“Freedom from Relevancy”: Walter Ancarrow interviewed by Samantha Neugebauer

Etymologies, Ancarrow's first collection of poetry, is a sort of reference work. It reminds me of David Bowie's comment: "Don't you love the Oxford Dictionary? When I first read it, I thought it was a really really long poem about everything." Etymologies is not long, but it might be about everything; in particular, it might, in looking at the origins of the words we use to describe ourselves, be about our own origins—or our inability to know them.

On Beauty and Surveillance: A Review of Concentrate by Courtney Faye Taylor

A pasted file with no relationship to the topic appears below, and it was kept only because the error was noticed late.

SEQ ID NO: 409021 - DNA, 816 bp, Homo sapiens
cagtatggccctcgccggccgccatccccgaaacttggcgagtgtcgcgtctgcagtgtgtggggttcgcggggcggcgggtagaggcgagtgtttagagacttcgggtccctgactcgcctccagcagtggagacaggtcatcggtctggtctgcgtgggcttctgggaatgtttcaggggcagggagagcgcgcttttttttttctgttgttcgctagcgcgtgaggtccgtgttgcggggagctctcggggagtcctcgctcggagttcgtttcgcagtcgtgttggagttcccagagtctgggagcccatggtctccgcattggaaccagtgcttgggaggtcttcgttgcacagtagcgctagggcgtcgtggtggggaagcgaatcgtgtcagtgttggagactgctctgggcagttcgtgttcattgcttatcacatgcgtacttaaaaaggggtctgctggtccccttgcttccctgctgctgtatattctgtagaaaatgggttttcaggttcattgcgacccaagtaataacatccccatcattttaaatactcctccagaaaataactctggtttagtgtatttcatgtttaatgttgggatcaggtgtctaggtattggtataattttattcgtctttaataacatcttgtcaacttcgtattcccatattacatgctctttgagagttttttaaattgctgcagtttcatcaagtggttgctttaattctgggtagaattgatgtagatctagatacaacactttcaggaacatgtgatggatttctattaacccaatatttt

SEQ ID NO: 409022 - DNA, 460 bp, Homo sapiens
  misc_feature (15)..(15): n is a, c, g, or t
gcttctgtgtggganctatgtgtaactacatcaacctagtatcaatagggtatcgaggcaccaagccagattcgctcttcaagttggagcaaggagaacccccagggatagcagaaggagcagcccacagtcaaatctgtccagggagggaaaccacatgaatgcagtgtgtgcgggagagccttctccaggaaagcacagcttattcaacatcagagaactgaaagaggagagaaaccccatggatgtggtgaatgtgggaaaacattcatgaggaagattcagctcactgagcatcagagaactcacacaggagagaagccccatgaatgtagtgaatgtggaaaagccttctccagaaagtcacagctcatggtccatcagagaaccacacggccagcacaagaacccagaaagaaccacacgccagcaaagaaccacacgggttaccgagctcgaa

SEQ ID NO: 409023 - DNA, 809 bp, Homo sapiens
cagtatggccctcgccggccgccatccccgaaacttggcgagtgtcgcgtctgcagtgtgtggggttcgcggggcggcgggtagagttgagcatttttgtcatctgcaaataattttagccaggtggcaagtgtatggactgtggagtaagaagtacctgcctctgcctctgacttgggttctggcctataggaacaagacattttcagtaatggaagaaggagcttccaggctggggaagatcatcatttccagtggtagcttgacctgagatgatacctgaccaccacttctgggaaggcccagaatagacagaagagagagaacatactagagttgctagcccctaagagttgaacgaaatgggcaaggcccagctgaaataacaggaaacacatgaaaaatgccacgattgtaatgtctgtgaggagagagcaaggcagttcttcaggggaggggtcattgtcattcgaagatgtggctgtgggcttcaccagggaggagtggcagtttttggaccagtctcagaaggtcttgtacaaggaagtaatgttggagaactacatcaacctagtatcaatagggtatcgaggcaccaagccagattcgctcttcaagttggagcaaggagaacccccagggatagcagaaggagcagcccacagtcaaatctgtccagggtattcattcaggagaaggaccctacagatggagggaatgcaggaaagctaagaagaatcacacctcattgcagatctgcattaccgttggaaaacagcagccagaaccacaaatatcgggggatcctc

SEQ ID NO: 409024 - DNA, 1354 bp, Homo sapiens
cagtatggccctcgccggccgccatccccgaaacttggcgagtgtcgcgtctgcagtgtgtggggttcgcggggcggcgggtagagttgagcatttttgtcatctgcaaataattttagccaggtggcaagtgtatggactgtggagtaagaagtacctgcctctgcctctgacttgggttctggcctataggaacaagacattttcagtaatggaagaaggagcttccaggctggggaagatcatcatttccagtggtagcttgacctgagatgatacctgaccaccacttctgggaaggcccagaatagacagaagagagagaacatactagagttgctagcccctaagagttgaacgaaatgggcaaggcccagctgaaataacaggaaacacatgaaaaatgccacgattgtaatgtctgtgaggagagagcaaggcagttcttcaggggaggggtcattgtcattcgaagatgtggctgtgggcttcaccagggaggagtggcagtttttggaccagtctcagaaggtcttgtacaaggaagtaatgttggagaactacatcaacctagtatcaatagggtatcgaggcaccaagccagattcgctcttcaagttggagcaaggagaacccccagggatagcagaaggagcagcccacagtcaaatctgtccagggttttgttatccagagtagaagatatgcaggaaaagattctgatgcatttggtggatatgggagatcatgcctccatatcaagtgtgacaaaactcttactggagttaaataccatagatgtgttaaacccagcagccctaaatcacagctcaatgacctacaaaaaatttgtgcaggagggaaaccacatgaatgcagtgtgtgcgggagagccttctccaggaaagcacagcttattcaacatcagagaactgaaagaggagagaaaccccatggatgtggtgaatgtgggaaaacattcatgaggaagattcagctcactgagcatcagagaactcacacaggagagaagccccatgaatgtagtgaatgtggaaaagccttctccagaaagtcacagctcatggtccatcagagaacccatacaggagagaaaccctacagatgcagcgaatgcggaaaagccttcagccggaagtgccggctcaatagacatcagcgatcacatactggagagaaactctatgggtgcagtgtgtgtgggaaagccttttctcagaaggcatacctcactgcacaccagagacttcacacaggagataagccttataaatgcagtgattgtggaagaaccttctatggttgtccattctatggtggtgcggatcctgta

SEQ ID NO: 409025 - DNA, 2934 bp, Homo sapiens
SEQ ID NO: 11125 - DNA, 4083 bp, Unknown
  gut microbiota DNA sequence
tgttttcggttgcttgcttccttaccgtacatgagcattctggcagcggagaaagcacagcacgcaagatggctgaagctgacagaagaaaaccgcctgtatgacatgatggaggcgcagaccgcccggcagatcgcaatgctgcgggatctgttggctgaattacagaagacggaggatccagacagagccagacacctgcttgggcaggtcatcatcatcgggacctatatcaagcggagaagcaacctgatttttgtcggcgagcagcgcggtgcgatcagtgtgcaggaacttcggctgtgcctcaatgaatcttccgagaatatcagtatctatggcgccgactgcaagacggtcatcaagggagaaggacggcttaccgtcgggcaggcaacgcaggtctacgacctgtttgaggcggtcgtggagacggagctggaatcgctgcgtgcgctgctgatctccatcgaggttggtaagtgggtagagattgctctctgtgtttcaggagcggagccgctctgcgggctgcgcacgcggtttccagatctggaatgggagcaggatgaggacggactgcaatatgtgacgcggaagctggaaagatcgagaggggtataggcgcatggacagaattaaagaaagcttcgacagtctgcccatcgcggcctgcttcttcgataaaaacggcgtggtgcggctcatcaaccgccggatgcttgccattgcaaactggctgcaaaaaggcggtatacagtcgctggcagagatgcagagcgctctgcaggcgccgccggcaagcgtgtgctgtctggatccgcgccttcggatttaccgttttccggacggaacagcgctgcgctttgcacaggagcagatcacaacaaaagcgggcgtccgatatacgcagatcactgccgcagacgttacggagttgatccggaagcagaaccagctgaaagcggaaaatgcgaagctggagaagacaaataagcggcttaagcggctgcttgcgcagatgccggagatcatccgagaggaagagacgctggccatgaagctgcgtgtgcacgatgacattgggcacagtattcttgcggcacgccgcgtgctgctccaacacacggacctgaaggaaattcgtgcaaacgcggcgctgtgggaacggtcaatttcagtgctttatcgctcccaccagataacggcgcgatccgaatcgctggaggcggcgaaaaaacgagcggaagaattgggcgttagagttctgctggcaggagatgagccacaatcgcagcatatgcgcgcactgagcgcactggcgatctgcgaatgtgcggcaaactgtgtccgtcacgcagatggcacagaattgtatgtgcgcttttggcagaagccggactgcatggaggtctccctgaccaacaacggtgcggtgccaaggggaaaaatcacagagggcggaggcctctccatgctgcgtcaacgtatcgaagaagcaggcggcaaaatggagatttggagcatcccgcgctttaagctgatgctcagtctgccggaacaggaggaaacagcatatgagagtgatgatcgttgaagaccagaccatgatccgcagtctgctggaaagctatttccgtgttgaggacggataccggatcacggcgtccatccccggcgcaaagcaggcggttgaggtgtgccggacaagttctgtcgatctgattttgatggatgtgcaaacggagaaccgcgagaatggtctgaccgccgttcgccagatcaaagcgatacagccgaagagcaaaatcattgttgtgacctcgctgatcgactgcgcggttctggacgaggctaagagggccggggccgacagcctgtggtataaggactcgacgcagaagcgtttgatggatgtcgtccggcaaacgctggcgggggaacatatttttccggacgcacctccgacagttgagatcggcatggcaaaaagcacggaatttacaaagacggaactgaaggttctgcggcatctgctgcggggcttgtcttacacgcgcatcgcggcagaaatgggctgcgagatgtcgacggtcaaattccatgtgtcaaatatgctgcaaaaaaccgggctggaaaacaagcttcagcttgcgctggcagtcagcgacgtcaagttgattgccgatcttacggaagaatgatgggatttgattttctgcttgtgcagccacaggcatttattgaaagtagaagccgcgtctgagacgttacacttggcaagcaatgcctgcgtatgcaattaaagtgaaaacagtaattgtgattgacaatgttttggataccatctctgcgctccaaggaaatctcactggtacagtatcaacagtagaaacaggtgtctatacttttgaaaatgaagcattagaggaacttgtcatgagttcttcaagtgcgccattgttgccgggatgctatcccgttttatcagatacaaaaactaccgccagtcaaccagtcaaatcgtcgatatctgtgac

When Courtney Faye Taylor begins her stunning debut collection, Concentrate—sat between her aunties thighs, getting her hair pressed—I am immediately transported back to my own childhood. Adolescence is a time of innocence and curiosity, as well as a lesson in contrasts: the sting of beauty upkeep and the confidence of a fresh hair-do, the validation of attention and the safety of invisibility. From the book’s opening section, Taylor makes it clear that Concentrate will stretch the expanse of what a poetry collection is allowed to do.